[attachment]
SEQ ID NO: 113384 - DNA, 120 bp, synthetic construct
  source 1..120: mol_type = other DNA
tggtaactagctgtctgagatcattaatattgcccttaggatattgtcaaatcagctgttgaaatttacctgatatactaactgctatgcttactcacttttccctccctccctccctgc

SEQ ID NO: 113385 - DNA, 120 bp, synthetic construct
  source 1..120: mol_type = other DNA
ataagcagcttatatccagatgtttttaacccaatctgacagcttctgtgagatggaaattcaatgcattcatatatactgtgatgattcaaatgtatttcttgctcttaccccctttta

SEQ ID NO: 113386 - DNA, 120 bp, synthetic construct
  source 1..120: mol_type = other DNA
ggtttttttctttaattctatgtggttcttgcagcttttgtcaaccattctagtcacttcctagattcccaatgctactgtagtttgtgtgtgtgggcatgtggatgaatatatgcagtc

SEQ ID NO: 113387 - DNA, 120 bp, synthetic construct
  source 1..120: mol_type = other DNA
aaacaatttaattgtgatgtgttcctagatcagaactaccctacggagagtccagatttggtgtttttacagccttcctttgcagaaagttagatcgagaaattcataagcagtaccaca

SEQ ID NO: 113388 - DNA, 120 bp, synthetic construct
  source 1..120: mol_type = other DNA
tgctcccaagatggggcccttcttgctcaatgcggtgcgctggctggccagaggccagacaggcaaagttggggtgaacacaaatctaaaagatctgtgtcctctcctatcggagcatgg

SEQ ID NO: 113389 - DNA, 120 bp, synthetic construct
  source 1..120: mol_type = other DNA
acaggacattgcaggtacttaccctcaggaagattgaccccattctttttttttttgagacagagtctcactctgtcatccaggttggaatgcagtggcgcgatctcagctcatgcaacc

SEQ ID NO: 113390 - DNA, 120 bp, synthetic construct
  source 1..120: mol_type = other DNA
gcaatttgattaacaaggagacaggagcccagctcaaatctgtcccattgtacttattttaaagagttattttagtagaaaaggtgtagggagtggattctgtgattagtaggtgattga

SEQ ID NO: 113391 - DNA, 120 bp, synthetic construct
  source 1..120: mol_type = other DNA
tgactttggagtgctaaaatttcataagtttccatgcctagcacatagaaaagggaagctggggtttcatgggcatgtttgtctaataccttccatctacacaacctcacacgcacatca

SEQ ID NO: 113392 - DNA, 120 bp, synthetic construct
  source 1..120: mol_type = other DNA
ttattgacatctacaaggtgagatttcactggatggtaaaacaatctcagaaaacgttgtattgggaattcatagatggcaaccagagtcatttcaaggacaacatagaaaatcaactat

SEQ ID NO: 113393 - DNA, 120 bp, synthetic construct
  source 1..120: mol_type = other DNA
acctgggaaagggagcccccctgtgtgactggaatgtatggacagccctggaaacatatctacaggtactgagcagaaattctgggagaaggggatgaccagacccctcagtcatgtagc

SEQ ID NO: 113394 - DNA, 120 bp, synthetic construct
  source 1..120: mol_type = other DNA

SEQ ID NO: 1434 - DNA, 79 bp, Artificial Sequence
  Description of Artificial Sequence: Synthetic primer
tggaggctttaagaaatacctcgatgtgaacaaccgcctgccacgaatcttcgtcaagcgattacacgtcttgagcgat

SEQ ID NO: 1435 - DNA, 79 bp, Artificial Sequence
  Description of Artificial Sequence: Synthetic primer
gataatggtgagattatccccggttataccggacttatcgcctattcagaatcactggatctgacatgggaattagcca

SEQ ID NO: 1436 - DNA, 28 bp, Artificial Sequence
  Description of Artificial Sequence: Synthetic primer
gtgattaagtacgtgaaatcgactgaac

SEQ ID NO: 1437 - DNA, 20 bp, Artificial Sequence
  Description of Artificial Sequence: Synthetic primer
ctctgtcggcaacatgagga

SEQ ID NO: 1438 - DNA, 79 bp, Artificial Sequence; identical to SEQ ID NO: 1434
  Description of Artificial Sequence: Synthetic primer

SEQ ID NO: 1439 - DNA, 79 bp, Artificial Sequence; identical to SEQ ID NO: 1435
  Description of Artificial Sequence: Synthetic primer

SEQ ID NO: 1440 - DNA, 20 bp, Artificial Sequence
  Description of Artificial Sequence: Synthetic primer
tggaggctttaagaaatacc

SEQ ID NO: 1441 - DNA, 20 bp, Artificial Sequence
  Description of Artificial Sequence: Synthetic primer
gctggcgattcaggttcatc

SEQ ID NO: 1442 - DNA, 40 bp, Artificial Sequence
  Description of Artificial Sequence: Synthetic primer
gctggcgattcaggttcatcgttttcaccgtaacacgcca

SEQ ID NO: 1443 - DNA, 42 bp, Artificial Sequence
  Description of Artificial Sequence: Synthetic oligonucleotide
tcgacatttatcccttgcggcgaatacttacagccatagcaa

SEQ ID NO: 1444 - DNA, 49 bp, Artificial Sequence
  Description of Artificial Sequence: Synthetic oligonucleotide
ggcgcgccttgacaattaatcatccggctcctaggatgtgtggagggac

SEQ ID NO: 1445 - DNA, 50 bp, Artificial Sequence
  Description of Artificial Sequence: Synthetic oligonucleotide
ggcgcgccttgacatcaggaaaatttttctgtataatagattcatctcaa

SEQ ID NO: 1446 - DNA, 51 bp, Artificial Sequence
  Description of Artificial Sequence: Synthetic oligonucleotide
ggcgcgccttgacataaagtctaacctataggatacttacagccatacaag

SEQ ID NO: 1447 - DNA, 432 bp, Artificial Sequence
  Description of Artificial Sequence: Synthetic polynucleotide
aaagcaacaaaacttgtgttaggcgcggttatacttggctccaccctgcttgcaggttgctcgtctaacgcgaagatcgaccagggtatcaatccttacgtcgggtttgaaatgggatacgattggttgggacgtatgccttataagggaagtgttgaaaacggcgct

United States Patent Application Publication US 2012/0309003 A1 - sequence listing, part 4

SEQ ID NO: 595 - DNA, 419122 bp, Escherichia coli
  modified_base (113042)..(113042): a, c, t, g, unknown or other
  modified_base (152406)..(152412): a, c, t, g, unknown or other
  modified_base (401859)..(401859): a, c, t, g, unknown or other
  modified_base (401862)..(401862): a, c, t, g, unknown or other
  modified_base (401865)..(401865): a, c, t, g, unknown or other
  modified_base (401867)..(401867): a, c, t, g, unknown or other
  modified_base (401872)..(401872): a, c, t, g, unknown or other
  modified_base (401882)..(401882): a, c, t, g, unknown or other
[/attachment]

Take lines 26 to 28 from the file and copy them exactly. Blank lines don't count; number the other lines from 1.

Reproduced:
  source 1..120: mol_type = other DNA
ttattgacatctacaaggtgagatttcactggatggtaaaacaatctcagaaaacgttgtattgggaattcatagatggcaaccagagtcatttcaaggacaacatagaaaatcaactat

SEQ ID NO: 113393 - DNA, 120 bp, synthetic construct